- Third, he was the prince of peace. Salem means “peace” and Melchizedek was the king or prince of peace.
- Fourth, he was the king of righteousness. His name—“Melchizedek”—means “king of righteousness.”
- Fifth, he was superior to Abraham. Abraham paid tithes to Melchizedek and was blessed by Melchizedek. The one who blesses is always superior to the one who is blessed. This alone should startle us. Abraham was the one man chosen out of all the earth to receive the great promises of God. He is the father of all the faithful, and yet he recognized that he was inferior to Melchizedek.
- Finally, he was superior to the Levitical priests. When God called the Levites to be priests in Israel, he commanded the people to pay tithes to them. But remember, the Levites were Abraham’s descendants. Rather than receive tithes, Abraham paid tithes to yet another. He recognized there was one even more worthy to receive tithes than he or his descendants.
We should also consider at least two things that the text does not say. First, the text does not give a genealogy of Melchizedek. We do not have a record of his mother or father. And finally, the text does not record the death of Melchizedek; therefore, there is no record of his priesthood ever coming to an end.
Based on David’s words in Psalm 110, we should expect the Messiah to resemble Melchizedek in at least some of these ways.
It’s no coincidence that Zechariah 6:13 identifies the Messiah as a priest-king who brings peace: “It is he who shall build the temple of the Lord and shall bear royal honor, and shall sit and rule on his throne. And there shall be a priest on his throne, and the counsel of peace shall be between them both.” Isaiah 9:6 famously predicts that “his name shall be called…The Prince of Peace.” Despite these prophecies, the exact nature of the Messiah was not clear. For old covenant people like David, looking for a priest like Melchizedek was like living in the shadows. They needed a bright light to shine.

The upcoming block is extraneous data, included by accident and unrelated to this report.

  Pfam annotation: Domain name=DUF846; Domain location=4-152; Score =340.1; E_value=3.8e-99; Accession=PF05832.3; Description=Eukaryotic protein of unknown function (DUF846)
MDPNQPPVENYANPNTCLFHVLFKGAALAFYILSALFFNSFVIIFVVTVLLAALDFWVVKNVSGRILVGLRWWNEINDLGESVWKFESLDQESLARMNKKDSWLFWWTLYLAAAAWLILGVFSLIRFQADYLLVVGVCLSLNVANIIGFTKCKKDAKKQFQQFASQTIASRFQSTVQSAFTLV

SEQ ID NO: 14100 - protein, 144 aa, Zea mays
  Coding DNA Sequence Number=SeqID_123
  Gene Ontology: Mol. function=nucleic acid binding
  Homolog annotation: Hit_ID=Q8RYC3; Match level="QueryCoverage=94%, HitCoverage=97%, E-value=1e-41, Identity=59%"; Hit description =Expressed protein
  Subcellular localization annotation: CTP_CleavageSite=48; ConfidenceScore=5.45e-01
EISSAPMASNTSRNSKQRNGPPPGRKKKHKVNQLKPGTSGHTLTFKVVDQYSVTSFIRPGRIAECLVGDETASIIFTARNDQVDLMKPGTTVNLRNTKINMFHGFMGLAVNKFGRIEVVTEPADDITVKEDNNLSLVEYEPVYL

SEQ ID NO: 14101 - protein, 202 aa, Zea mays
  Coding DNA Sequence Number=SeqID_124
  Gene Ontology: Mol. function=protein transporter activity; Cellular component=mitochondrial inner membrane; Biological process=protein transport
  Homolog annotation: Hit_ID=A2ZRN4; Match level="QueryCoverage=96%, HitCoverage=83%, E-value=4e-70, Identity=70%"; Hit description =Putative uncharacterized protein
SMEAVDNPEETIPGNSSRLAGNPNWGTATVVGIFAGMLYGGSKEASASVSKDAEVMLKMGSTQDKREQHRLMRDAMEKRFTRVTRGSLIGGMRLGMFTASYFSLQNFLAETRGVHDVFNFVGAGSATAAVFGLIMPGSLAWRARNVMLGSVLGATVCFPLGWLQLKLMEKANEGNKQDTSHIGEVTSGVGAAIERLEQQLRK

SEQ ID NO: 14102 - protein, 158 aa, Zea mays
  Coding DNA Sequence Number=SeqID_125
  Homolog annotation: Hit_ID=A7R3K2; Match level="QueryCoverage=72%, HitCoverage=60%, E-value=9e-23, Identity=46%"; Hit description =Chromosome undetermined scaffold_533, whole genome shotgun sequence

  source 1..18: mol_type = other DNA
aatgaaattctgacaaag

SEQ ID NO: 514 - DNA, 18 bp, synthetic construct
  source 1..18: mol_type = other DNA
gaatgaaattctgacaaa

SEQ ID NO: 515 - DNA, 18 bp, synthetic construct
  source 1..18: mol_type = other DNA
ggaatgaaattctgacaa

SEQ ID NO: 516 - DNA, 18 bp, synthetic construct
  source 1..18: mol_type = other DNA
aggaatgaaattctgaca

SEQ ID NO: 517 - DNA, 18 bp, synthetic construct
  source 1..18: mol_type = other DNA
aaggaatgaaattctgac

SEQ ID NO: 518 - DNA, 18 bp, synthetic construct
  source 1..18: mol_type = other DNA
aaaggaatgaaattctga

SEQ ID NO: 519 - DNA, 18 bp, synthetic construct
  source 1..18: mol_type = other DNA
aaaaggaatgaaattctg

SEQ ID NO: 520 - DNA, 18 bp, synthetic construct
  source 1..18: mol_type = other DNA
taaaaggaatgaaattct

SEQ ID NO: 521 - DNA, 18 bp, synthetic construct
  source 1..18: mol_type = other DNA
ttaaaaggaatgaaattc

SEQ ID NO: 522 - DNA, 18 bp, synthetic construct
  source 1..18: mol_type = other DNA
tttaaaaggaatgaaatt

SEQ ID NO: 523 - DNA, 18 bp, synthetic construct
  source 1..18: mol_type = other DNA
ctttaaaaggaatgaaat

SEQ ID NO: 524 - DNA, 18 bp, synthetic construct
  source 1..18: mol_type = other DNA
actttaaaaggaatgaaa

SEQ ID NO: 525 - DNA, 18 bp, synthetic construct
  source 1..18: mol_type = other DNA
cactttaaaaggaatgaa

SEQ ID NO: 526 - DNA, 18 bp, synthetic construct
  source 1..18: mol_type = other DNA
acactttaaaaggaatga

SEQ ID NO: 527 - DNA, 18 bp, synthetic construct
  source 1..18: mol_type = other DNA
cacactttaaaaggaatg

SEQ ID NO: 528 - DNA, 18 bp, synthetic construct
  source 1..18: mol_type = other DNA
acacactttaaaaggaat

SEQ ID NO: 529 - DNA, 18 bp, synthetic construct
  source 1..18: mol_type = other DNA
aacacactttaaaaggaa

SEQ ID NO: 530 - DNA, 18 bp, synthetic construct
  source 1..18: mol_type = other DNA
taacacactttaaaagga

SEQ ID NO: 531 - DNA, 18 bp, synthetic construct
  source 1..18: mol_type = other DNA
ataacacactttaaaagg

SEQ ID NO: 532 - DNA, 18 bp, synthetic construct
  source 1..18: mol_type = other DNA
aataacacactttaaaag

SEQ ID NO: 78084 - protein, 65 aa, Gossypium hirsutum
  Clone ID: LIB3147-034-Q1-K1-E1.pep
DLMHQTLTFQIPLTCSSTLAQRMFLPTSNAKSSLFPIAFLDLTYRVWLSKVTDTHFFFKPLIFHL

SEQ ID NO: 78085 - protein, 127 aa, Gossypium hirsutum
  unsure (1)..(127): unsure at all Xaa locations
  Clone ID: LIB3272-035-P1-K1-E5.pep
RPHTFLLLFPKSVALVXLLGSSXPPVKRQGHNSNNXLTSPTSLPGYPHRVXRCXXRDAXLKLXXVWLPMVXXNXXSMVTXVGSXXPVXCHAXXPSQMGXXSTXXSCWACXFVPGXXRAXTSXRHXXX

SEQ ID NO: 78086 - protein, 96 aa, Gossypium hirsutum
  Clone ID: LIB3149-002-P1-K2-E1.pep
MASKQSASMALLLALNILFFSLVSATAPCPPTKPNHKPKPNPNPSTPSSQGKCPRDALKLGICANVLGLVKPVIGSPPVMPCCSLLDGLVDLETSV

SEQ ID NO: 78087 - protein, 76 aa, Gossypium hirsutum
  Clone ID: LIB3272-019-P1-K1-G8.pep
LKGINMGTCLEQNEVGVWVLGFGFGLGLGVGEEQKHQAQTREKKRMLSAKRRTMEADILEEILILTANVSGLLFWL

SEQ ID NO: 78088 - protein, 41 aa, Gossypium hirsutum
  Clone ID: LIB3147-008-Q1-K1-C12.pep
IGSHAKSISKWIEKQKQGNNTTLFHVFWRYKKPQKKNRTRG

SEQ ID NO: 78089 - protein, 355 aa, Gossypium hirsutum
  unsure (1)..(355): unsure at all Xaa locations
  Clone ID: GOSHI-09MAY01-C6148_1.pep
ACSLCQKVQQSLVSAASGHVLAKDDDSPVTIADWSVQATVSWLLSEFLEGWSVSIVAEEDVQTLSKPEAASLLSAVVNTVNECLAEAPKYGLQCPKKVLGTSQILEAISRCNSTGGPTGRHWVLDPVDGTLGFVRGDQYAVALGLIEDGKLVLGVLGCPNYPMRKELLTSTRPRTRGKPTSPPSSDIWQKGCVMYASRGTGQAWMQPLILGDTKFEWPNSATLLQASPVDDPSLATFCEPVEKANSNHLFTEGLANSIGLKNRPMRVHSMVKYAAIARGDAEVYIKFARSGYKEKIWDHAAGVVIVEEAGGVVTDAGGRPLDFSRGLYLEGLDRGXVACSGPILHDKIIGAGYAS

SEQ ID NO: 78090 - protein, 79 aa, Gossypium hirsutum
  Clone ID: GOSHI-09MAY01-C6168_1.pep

Jesus and Melchizedek (Heb. 7:1-8:7)
Thankfully, the New Testament provides radiant clarity. The author of Hebrews, under the inspiration of the Spirit, confirms what one might have suspected after listening to the Old Testament prophets, and explains why it is so vitally important for you and I to understand. Let’s read Hebrews 7.
7:1 For this Melchizedek, king of Salem, priest of the Most High God, met Abraham returning from the slaughter of the kings and blessed him, 2 and to him Abraham apportioned a tenth part of everything. He is first, by translation of his name, king of righteousness, and then he is also king of Salem, that is, king of peace. 3 He is without father or mother or genealogy, having neither beginning of days nor end of life, but resembling the Son of God he continues a priest forever.